How to warm up before your next workout

October 28, 2014

Warming up before exercising is extremely important for improving performance and preventing injury. Your warm up is not only a time for you to prepare your body for movement, but also a chance to get into the right mindset for training. Read on to get started.

How to warm up before your next workout

Benefits of a warmup

Warming up before exercising has many benefits for both your body and mind. The following list offers the key reasons why you need to warm up every time you train.

  • Higher muscle temperature. Warm muscles perform better than cold ones: they can contract and relax faster, improving your performance in training. Warm muscles are also more elastic, which reduces the risk of over-stretching or injury.
  • Better blood circulation. Warming up expands the blood vessels, improving oxygen delivery to your muscles. Just five minutes of aerobic activity, such as jogging or even walking quickly, can increase blood flow.
  • Improved joint movement. Warming up releases synovial fluid into your joints, allowing them to move more freely.
  • Better energy availability. During your warm up, your body produces hormones that regulate energy production. These hormones make carbohydrates available for you to convert into energy while you exercise.
  • Clear mind. The warm up is a chance for you to mentally prepare for training by clearing your mind of the day's events so you can better focus on the task at hand.

How to warm up before training

The primary purpose of the warm up is to increase your body temperature. Therefore, your warm up should include an activity that raises your heart rate, such as jogging or walking briskly. Start very gently and gradually increase the intensity to bring up your body temperature.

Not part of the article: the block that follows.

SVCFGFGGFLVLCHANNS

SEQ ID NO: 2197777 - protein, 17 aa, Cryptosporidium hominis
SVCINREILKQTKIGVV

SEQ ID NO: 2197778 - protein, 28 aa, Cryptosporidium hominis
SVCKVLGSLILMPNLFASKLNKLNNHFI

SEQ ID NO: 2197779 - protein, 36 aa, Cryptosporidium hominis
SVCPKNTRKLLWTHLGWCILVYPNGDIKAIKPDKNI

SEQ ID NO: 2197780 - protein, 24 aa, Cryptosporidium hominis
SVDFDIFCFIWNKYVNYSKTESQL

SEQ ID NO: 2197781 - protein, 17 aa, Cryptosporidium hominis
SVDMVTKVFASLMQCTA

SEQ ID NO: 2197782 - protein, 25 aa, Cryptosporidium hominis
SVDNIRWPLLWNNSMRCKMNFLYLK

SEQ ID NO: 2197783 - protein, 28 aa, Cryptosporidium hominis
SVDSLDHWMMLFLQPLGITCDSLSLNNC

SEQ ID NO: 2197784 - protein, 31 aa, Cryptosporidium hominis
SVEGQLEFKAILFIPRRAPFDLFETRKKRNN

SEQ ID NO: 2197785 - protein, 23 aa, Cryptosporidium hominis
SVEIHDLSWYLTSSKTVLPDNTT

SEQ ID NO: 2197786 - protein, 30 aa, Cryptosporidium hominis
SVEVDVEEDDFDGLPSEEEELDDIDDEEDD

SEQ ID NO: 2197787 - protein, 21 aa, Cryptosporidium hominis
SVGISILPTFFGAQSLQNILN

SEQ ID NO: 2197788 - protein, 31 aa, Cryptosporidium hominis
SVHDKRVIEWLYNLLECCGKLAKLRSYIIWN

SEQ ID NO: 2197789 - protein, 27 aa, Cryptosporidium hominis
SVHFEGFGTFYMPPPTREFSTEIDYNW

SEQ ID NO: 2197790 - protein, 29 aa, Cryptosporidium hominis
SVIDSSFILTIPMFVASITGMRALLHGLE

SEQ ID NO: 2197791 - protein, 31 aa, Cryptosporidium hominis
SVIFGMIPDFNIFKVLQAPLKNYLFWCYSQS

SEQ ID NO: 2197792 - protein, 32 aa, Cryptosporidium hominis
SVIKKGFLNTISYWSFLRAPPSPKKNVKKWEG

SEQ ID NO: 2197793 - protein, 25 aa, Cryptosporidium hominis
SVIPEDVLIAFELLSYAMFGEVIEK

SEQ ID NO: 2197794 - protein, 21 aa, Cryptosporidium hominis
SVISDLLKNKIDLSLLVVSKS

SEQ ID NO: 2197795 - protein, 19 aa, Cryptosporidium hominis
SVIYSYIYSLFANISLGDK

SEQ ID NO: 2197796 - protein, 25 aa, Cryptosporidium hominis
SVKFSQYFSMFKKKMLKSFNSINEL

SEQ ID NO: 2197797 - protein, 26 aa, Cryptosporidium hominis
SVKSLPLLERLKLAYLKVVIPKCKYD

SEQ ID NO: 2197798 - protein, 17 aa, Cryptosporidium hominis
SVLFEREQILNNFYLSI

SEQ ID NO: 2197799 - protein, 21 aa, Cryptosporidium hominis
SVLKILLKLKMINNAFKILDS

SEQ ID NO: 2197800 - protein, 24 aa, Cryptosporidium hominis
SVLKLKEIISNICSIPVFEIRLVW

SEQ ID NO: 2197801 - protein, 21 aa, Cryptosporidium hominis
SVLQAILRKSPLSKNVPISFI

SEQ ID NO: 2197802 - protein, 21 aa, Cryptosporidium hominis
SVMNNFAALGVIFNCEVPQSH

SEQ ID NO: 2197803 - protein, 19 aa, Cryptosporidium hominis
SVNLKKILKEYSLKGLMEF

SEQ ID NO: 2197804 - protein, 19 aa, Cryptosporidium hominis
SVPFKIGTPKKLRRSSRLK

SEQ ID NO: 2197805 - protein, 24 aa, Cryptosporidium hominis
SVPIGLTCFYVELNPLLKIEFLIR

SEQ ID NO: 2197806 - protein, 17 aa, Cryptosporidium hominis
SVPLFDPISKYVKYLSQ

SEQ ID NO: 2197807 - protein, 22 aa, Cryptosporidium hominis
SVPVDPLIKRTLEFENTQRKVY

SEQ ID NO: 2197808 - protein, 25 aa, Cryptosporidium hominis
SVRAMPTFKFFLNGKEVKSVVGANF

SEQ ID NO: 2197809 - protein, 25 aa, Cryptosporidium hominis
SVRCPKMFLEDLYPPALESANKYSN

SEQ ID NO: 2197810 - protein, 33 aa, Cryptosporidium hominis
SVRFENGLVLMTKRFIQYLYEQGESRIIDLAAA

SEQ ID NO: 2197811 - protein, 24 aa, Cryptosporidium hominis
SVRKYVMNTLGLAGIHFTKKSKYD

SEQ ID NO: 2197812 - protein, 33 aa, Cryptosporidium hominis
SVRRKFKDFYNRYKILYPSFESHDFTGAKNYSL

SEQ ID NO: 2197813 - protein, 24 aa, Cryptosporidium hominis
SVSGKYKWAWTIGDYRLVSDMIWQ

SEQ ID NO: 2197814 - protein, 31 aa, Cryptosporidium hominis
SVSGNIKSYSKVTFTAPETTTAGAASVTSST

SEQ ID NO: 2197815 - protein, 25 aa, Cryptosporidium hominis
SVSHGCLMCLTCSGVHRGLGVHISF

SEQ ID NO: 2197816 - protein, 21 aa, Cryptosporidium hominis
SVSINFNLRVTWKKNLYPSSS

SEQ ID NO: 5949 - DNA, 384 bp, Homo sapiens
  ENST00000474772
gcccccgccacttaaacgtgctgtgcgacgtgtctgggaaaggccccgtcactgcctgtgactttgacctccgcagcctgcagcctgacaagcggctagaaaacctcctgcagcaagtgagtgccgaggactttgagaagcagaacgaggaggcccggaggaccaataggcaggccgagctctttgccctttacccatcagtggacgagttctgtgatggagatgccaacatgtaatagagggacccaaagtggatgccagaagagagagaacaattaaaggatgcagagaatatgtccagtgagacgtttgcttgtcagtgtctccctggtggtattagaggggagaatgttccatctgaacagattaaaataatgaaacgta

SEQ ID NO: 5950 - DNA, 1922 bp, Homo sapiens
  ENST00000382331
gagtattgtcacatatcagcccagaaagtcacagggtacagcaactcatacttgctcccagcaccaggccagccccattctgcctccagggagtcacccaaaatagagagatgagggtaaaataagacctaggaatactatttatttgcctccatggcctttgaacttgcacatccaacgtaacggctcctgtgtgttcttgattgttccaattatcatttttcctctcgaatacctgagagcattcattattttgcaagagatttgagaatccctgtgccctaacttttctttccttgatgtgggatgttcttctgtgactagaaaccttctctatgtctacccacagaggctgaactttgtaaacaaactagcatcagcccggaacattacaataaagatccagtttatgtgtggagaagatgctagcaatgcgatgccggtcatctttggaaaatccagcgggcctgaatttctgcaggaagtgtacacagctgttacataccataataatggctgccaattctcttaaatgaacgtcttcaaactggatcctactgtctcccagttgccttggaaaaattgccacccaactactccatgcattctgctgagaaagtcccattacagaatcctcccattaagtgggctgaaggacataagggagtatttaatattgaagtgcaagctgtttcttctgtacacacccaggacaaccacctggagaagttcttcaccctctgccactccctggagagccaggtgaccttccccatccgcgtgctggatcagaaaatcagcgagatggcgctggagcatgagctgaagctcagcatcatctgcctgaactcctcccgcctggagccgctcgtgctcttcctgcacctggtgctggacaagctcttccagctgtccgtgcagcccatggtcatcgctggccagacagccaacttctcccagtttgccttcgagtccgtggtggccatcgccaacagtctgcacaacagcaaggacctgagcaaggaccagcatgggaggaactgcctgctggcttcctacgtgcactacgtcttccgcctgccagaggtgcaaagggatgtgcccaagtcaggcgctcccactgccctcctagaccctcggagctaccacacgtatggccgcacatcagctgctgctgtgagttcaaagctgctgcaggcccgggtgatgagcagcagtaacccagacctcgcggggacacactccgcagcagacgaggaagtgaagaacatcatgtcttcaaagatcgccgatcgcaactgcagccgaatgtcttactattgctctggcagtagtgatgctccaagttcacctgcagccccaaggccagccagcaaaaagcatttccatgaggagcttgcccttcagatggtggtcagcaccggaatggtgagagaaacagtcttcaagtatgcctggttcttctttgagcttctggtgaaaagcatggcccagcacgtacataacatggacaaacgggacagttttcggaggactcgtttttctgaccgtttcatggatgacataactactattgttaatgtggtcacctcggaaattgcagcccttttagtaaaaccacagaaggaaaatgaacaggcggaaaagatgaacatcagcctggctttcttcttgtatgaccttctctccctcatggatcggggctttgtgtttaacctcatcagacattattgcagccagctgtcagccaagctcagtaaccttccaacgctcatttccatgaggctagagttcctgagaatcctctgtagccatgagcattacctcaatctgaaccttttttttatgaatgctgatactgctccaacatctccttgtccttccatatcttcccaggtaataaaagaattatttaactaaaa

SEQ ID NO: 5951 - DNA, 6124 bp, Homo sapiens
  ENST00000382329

The warm up should target all parts of the body that you will use during your training. As well as warming up your legs by walking or jogging, you should also circle your arms to drive blood flow to your forearms, hands and fingers.

Stretching is an important part of warming up, but you should only stretch after doing some cardiovascular exercise to raise your body temperature. Stretching a cold muscle can cause tears in the muscle.

Once your body temperature is raised, gently stretch out the muscles that you will use in your training to increase their elasticity. Pay attention to all the parts of the body that you could use during training, including your neck, wrists, fingers and shoulders.

Just five minutes of warming up is sufficient for most gentle activities. However, if you're planning a high intensity training session, extend your warm up to 10 minutes to achieve the maximum benefit.

A good warm up can help you to avoid injury and make the most of your training session.

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